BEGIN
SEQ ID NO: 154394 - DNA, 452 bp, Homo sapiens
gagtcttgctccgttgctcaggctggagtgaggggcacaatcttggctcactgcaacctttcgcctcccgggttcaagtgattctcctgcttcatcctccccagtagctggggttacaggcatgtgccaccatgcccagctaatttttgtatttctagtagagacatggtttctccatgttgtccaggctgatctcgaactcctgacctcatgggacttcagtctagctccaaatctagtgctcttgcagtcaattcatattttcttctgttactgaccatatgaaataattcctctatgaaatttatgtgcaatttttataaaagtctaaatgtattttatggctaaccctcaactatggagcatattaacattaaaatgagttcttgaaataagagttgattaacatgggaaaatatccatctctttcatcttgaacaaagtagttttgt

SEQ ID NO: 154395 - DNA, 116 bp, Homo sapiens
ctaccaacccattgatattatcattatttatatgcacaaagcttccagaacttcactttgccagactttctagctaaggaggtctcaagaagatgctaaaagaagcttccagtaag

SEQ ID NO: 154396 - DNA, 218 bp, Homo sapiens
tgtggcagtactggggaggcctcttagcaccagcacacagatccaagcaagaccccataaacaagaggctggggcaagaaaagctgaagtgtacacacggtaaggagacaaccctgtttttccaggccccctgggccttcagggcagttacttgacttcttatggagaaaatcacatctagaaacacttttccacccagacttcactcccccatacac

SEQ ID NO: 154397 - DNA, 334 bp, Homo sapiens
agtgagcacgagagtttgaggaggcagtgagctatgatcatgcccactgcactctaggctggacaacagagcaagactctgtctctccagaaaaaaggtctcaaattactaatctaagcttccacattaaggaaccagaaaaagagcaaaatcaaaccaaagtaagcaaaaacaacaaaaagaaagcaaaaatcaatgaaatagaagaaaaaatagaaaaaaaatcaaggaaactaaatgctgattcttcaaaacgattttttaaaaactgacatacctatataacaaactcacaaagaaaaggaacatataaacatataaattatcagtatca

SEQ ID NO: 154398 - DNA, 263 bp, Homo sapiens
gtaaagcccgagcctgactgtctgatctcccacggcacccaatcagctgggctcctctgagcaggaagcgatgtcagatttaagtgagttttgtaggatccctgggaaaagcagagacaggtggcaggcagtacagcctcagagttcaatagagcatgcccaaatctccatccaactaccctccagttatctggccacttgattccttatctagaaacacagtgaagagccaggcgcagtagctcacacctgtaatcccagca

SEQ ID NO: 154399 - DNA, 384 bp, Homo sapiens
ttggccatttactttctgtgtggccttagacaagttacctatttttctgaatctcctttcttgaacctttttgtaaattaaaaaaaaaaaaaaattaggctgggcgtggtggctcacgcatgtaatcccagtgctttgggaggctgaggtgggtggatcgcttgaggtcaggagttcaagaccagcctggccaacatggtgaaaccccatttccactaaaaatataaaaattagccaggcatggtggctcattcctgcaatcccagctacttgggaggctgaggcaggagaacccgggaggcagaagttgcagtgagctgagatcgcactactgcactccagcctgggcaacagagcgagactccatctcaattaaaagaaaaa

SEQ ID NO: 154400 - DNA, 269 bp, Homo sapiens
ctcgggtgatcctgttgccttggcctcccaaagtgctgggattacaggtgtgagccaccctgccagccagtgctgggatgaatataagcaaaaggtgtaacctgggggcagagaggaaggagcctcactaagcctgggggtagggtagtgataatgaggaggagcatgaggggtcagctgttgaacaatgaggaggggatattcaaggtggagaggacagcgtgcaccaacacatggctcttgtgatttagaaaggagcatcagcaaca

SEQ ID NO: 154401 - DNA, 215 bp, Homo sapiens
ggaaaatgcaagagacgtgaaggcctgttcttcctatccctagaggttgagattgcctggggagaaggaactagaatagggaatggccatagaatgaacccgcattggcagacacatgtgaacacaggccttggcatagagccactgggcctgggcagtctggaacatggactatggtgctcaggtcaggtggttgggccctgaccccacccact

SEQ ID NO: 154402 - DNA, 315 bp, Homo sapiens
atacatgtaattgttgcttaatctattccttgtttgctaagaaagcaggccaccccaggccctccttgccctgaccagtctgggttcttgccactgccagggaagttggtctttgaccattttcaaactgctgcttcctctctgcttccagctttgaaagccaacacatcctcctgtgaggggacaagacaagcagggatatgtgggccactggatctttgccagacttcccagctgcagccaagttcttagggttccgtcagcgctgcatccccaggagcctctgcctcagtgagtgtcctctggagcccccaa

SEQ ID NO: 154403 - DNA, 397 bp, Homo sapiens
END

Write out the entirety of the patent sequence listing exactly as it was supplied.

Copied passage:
SEQ ID NO: 154394 - DNA, 452 bp, Homo sapiens
gagtcttgctccgttgctcaggctggagtgaggggcacaatcttggctcactgcaacctttcgcctcccgggttcaagtgattctcctgcttcatcctccccagtagctggggttacaggcatgtgccaccatgcccagctaatttttgtatttctagtagagacatggtttctccatgttgtccaggctgatctcgaactcctgacctcatgggacttcagtctagctccaaatctagtgctcttgcagtcaattcatattttcttctgttactgaccatatgaaataattcctctatgaaatttatgtgcaatttttataaaagtctaaatgtattttatggctaaccctcaactatggagcatattaacattaaaatgagttcttgaaataagagttgattaacatgggaaaatatccatctctttcatcttgaacaaagtagttttgt

SEQ ID NO: 154395 - DNA, 116 bp, Homo sapiens
ctaccaacccattgatattatcattatttatatgcacaaagcttccagaacttcactttgccagactttctagctaaggaggtctcaagaagatgctaaaagaagcttccagtaag

SEQ ID NO: 154396 - DNA, 218 bp, Homo sapiens
tgtggcagtactggggaggcctcttagcaccagcacacagatccaagcaagaccccataaacaagaggctggggcaagaaaagctgaagtgtacacacggtaaggagacaaccctgtttttccaggccccctgggccttcagggcagttacttgacttcttatggagaaaatcacatctagaaacacttttccacccagacttcactcccccatacac

SEQ ID NO: 154397 - DNA, 334 bp, Homo sapiens
agtgagcacgagagtttgaggaggcagtgagctatgatcatgcccactgcactctaggctggacaacagagcaagactctgtctctccagaaaaaaggtctcaaattactaatctaagcttccacattaaggaaccagaaaaagagcaaaatcaaaccaaagtaagcaaaaacaacaaaaagaaagcaaaaatcaatgaaatagaagaaaaaatagaaaaaaaatcaaggaaactaaatgctgattcttcaaaacgattttttaaaaactgacatacctatataacaaactcacaaagaaaaggaacatataaacatataaattatcagtatca

SEQ ID NO: 154398 - DNA, 263 bp, Homo sapiens
gtaaagcccgagcctgactgtctgatctcccacggcacccaatcagctgggctcctctgagcaggaagcgatgtcagatttaagtgagttttgtaggatccctgggaaaagcagagacaggtggcaggcagtacagcctcagagttcaatagagcatgcccaaatctccatccaactaccctccagttatctggccacttgattccttatctagaaacacagtgaagagccaggcgcagtagctcacacctgtaatcccagca

SEQ ID NO: 154399 - DNA, 384 bp, Homo sapiens
ttggccatttactttctgtgtggccttagacaagttacctatttttctgaatctcctttcttgaacctttttgtaaattaaaaaaaaaaaaaaattaggctgggcgtggtggctcacgcatgtaatcccagtgctttgggaggctgaggtgggtggatcgcttgaggtcaggagttcaagaccagcctggccaacatggtgaaaccccatttccactaaaaatataaaaattagccaggcatggtggctcattcctgcaatcccagctacttgggaggctgaggcaggagaacccgggaggcagaagttgcagtgagctgagatcgcactactgcactccagcctgggcaacagagcgagactccatctcaattaaaagaaaaa

SEQ ID NO: 154400 - DNA, 269 bp, Homo sapiens
ctcgggtgatcctgttgccttggcctcccaaagtgctgggattacaggtgtgagccaccctgccagccagtgctgggatgaatataagcaaaaggtgtaacctgggggcagagaggaaggagcctcactaagcctgggggtagggtagtgataatgaggaggagcatgaggggtcagctgttgaacaatgaggaggggatattcaaggtggagaggacagcgtgcaccaacacatggctcttgtgatttagaaaggagcatcagcaaca

SEQ ID NO: 154401 - DNA, 215 bp, Homo sapiens
ggaaaatgcaagagacgtgaaggcctgttcttcctatccctagaggttgagattgcctggggagaaggaactagaatagggaatggccatagaatgaacccgcattggcagacacatgtgaacacaggccttggcatagagccactgggcctgggcagtctggaacatggactatggtgctcaggtcaggtggttgggccctgaccccacccact

SEQ ID NO: 154402 - DNA, 315 bp, Homo sapiens
atacatgtaattgttgcttaatctattccttgtttgctaagaaagcaggccaccccaggccctccttgccctgaccagtctgggttcttgccactgccagggaagttggtctttgaccattttcaaactgctgcttcctctctgcttccagctttgaaagccaacacatcctcctgtgaggggacaagacaagcagggatatgtgggccactggatctttgccagacttcccagctgcagccaagttcttagggttccgtcagcgctgcatccccaggagcctctgcctcagtgagtgtcctctggagcccccaa

SEQ ID NO: 154403 - DNA, 397 bp, Homo sapiens